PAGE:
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The shift from plant – plant facilitation to competition under severe water deficit is spatially explicit

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ABSTRACT

The stress‐gradient hypothesis predicts a higher frequency of facilitative interactions as resource limitation increases. Under severe resource limitation, it has been suggested that facilitation may revert to competition, and identifying the presence as well as determining the magnitude of this shift is important for predicting the effect of climate change on biodiversity and plant community dynamics. In this study, we perform a meta‐analysis to compare temporal differences of species diversity and productivity under a nurse plant (Retama sphaerocarpa) with varying annual rainfall quantity to test the effect of water limitation on facilitation. Furthermore, we assess spatial differences in the herbaceous community under nurse plants in situ during a year with below‐average rainfall. We found evidence that severe rainfall deficit reduced species diversity and plant productivity under nurse plants relative to open areas. Our results indicate that the switch from facilitation to competition in response to rainfall quantity is nonlinear. The magnitude of this switch depended on the aspect around the nurse plant. Hotter south aspects under nurse plants resulted in negative effects on beneficiary species, while the north aspect still showed facilitation. Combined, these results emphasize the importance of spatial heterogeneity under nurse plants for mediating species loss under reduced precipitation, as predicted by future climate change scenarios. However, the decreased water availability expected under climate change will likely reduce overall facilitation and limit the role of nurse plants as refugia, amplifying biodiversity loss.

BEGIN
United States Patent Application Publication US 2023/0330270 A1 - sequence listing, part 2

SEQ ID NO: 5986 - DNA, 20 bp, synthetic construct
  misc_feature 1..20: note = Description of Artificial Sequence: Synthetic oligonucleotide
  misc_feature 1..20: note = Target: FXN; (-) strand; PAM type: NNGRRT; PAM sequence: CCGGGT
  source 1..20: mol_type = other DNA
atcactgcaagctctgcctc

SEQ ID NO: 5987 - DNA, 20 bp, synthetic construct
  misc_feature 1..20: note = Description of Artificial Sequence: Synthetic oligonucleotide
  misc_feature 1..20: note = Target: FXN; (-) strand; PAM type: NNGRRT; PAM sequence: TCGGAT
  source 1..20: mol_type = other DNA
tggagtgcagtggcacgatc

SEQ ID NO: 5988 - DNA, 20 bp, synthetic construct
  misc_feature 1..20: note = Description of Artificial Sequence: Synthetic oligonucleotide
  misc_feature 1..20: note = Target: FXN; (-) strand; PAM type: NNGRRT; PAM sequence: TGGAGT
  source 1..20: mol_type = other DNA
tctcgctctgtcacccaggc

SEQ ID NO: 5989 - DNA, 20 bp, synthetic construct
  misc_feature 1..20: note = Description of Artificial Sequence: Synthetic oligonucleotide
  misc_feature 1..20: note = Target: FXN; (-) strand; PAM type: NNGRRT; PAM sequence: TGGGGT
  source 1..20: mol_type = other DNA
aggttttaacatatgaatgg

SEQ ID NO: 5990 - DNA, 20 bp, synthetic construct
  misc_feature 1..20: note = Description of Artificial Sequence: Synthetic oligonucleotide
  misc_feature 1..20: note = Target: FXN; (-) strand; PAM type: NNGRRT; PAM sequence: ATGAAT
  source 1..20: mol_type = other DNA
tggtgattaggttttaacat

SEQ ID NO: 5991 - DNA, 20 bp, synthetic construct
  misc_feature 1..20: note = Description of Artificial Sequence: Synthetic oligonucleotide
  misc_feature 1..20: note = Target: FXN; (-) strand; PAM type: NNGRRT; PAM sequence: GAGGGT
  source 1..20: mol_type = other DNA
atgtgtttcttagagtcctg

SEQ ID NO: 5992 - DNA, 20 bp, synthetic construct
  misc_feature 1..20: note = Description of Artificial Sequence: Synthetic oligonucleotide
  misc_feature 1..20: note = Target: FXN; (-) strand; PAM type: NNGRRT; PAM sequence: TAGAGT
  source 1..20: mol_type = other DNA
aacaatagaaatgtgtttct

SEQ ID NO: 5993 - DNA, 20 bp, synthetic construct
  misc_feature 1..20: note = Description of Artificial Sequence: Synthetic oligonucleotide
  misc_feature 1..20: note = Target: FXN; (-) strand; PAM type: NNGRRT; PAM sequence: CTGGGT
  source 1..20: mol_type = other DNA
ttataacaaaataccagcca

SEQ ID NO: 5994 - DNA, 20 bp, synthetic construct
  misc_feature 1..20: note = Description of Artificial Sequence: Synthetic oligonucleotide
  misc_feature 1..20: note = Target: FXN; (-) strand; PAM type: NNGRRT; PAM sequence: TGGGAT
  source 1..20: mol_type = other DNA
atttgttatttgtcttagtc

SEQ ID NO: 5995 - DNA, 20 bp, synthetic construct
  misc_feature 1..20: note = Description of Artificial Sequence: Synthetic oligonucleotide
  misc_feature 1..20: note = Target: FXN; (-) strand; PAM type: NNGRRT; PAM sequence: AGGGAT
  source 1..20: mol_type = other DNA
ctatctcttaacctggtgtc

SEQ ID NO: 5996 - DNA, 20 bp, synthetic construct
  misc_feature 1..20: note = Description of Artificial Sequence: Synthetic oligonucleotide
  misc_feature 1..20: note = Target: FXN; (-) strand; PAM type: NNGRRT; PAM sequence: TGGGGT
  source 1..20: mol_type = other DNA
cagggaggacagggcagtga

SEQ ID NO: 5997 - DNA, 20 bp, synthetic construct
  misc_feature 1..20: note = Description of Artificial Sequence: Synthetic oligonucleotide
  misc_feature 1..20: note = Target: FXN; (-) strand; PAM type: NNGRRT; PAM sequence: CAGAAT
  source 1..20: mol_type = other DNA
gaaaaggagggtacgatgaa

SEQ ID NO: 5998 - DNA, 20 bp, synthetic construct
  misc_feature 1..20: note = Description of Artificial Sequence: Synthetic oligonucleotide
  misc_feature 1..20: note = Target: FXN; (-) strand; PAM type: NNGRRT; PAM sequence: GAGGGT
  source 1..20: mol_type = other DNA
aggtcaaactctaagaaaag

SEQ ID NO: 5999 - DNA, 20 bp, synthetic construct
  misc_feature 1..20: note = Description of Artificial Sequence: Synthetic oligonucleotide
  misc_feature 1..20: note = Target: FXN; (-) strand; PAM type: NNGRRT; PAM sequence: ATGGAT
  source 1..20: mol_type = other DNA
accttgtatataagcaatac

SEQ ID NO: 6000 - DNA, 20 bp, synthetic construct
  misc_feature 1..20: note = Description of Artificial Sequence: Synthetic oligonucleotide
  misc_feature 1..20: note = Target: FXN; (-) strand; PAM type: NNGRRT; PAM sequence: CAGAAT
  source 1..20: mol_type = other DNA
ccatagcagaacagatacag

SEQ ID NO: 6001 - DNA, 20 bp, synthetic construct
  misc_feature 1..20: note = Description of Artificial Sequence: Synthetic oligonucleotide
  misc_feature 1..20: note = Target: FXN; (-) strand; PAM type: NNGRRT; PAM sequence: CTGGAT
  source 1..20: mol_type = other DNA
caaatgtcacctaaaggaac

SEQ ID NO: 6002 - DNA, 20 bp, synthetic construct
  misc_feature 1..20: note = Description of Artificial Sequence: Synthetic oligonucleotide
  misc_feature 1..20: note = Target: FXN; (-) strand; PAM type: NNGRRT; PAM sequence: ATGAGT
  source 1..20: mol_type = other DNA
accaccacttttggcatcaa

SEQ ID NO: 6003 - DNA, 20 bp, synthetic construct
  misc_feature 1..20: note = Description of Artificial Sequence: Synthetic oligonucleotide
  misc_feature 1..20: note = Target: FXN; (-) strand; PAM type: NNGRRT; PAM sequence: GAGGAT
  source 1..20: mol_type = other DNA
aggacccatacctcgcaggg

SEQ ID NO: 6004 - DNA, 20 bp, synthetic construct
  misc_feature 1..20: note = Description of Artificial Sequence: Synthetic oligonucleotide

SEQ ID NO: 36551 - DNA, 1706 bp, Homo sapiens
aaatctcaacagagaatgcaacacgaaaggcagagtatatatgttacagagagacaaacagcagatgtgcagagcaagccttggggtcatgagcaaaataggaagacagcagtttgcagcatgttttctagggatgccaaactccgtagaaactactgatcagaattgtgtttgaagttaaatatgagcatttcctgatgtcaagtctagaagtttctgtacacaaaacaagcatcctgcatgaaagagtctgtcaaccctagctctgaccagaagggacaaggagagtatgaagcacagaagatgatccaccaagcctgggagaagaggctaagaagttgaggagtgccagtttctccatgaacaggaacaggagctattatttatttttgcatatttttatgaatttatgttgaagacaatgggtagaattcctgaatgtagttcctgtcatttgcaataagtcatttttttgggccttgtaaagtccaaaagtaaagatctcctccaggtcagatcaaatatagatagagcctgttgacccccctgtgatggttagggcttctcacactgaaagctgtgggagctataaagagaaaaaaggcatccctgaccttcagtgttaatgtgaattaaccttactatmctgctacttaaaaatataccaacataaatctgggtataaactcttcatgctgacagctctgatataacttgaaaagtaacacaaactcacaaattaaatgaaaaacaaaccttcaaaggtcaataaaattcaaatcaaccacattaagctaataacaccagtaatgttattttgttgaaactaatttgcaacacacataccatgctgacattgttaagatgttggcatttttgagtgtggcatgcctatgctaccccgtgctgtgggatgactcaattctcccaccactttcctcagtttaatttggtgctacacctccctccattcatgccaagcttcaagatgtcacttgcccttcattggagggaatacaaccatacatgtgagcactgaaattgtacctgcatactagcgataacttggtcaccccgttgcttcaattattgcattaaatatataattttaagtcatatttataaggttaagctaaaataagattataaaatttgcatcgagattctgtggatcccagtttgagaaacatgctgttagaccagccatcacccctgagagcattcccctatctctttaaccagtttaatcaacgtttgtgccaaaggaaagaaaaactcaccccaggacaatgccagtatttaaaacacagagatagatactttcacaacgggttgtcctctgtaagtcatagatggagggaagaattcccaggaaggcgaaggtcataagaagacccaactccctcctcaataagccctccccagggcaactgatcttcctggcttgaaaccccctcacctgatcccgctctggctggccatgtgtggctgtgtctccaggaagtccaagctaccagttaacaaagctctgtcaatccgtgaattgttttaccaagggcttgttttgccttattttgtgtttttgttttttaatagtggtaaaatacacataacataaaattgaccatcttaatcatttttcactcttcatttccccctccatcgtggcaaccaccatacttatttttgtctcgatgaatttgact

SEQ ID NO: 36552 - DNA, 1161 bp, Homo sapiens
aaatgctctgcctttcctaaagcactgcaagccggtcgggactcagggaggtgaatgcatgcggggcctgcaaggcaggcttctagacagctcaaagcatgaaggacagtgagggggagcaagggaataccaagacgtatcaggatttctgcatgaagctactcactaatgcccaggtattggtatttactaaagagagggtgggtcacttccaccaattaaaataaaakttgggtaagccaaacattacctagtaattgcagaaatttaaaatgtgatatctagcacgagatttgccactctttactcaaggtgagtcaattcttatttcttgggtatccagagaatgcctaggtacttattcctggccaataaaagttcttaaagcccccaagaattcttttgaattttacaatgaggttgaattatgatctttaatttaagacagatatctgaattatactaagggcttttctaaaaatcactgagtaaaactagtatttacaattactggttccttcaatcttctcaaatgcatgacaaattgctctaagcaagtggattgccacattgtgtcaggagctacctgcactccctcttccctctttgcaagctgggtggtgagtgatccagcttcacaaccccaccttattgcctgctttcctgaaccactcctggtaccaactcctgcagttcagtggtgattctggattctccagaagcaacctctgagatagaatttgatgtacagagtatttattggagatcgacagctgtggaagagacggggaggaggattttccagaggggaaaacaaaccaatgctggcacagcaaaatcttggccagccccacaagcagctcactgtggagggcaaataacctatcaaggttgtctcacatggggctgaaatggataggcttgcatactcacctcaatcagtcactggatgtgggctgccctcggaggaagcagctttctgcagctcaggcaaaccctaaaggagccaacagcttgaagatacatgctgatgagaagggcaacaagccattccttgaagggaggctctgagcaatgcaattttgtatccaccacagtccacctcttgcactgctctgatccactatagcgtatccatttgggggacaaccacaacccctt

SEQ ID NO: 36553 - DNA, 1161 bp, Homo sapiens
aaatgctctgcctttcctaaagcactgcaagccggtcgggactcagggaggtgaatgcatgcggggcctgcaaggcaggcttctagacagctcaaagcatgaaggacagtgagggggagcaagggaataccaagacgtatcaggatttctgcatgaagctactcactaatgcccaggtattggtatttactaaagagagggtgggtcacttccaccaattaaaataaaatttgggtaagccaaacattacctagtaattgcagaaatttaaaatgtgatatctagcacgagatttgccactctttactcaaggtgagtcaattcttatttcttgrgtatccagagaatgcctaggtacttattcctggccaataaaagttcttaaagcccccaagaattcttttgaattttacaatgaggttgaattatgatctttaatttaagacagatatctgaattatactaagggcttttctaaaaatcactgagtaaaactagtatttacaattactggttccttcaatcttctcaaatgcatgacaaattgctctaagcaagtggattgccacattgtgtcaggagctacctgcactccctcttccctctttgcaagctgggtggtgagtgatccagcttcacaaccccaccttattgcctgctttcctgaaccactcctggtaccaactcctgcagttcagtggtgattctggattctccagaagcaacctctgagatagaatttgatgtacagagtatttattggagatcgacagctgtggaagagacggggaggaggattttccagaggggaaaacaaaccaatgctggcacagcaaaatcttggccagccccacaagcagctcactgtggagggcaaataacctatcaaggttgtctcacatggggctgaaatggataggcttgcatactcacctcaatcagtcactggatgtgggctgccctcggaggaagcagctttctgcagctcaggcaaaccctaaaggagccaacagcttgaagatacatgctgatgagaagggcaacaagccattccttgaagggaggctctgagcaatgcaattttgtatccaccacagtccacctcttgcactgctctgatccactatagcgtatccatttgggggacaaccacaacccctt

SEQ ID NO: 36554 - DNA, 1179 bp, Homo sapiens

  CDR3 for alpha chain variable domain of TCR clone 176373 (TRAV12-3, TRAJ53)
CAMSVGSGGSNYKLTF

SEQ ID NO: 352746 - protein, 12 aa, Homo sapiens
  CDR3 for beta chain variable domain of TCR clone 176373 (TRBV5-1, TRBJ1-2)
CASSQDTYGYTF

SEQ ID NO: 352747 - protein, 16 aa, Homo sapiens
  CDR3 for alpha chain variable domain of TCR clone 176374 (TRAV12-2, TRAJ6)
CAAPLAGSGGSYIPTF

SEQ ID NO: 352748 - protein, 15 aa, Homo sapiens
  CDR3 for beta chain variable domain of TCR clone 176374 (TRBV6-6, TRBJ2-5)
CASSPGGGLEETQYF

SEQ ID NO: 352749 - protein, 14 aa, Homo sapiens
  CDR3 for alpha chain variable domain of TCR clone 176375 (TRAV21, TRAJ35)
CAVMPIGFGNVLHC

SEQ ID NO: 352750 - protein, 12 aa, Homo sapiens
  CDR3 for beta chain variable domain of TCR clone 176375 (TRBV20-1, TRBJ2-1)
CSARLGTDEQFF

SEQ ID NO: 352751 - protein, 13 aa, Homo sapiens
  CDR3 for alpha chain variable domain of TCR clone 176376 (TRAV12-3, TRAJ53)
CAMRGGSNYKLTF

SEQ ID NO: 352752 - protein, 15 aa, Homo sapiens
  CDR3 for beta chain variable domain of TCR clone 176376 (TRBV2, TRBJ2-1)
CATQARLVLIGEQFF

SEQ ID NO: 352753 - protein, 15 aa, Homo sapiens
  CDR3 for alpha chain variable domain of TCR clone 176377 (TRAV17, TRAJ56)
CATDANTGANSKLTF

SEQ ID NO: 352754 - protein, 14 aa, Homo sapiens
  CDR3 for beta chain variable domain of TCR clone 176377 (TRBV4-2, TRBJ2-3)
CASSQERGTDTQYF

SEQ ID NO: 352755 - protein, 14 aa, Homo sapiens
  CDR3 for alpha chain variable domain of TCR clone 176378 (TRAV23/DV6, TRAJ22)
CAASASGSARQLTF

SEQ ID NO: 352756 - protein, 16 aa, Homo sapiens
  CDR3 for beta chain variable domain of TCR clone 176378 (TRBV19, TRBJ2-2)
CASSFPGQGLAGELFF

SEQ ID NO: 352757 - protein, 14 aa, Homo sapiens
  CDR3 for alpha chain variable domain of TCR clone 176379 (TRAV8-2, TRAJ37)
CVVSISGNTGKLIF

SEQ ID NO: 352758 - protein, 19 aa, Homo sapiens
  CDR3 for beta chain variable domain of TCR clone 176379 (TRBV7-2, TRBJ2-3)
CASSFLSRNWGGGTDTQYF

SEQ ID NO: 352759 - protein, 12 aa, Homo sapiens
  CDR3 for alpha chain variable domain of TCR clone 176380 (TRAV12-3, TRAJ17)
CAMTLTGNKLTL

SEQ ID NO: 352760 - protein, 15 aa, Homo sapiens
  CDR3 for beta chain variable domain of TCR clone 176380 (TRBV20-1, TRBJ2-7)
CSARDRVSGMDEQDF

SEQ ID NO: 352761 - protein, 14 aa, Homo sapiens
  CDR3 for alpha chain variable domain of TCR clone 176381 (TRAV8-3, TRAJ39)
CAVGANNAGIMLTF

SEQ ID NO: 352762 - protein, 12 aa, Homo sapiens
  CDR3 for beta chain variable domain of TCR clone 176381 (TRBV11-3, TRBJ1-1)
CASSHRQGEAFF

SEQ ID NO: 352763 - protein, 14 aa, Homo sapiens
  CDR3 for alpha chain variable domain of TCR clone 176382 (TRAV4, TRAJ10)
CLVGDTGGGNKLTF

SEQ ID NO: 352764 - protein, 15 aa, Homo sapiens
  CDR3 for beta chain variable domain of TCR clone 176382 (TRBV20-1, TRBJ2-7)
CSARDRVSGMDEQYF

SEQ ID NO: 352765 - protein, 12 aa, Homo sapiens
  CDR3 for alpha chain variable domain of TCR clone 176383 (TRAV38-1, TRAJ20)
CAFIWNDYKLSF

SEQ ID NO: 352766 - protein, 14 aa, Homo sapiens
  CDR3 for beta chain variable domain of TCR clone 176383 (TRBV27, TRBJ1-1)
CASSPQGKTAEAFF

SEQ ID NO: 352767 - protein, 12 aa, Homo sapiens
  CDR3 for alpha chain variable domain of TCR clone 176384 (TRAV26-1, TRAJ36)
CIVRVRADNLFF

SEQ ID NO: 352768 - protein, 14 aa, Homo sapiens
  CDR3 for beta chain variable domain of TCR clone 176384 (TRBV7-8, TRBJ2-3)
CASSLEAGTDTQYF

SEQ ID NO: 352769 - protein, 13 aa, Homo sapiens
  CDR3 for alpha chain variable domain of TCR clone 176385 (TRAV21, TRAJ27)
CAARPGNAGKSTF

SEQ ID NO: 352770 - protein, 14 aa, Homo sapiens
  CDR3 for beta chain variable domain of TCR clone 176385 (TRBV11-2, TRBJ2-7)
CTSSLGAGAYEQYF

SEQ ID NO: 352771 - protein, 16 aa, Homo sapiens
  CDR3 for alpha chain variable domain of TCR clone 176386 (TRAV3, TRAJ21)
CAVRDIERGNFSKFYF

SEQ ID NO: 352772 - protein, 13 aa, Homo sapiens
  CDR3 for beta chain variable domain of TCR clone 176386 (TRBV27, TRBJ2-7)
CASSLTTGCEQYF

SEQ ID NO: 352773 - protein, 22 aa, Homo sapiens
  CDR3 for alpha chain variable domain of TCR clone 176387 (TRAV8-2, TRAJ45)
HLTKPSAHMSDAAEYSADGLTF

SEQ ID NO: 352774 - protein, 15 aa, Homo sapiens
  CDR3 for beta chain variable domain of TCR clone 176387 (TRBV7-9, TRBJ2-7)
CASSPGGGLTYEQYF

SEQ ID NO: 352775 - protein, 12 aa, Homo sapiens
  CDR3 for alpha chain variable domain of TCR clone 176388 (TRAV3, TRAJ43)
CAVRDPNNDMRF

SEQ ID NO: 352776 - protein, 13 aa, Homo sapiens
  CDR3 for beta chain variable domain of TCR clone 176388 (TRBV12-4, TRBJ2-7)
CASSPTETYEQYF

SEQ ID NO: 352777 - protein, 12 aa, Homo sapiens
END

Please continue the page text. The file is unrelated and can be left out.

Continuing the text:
No MeSH data available.


Relative effect of Retama on species richness and productivity. Relative interaction intensity for (a) plant species richness and (b) community productivity as a function of total rainfall from September to March from four different years of sampling near Tabernas, Spain. The black points represent model estimates (95% CI), and the gray points are individual samples. Three of the data sets (2009, 2010, and one from 2015) have been published (Armas et al., 2011; Hortal et al., 2015; Schöb et al., 2013)
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ece32875-fig-0002: Relative effect of Retama on species richness and productivity. Relative interaction intensity for (a) plant species richness and (b) community productivity as a function of total rainfall from September to March from four different years of sampling near Tabernas, Spain. The black points represent model estimates (95% CI), and the gray points are individual samples. Three of the data sets (2009, 2010, and one from 2015) have been published (Armas et al., 2011; Hortal et al., 2015; Schöb et al., 2013)

Mentions: Relative interaction intensity (RII) for both species richness and productivity shifted from positive (i.e., facilitation) to negative (i.e., competition) as total rainfall decreased. However, the significant categorical rainfall variable—fit after the continuous term (Table S2)—indicates that RII did not respond linearly to decreasing rainfall. Therefore, below a distinct rainfall quantity RII became significantly negative (Figure 2a,b). The highest two rainfall years were statistically indistinguishable from each other but had significantly higher RII biomass values than the other 2 years (Figure 2b). Although the lowest rainfall year showed overall negative RII values, there were plots in the north and west aspects under some Retama with positive RII values.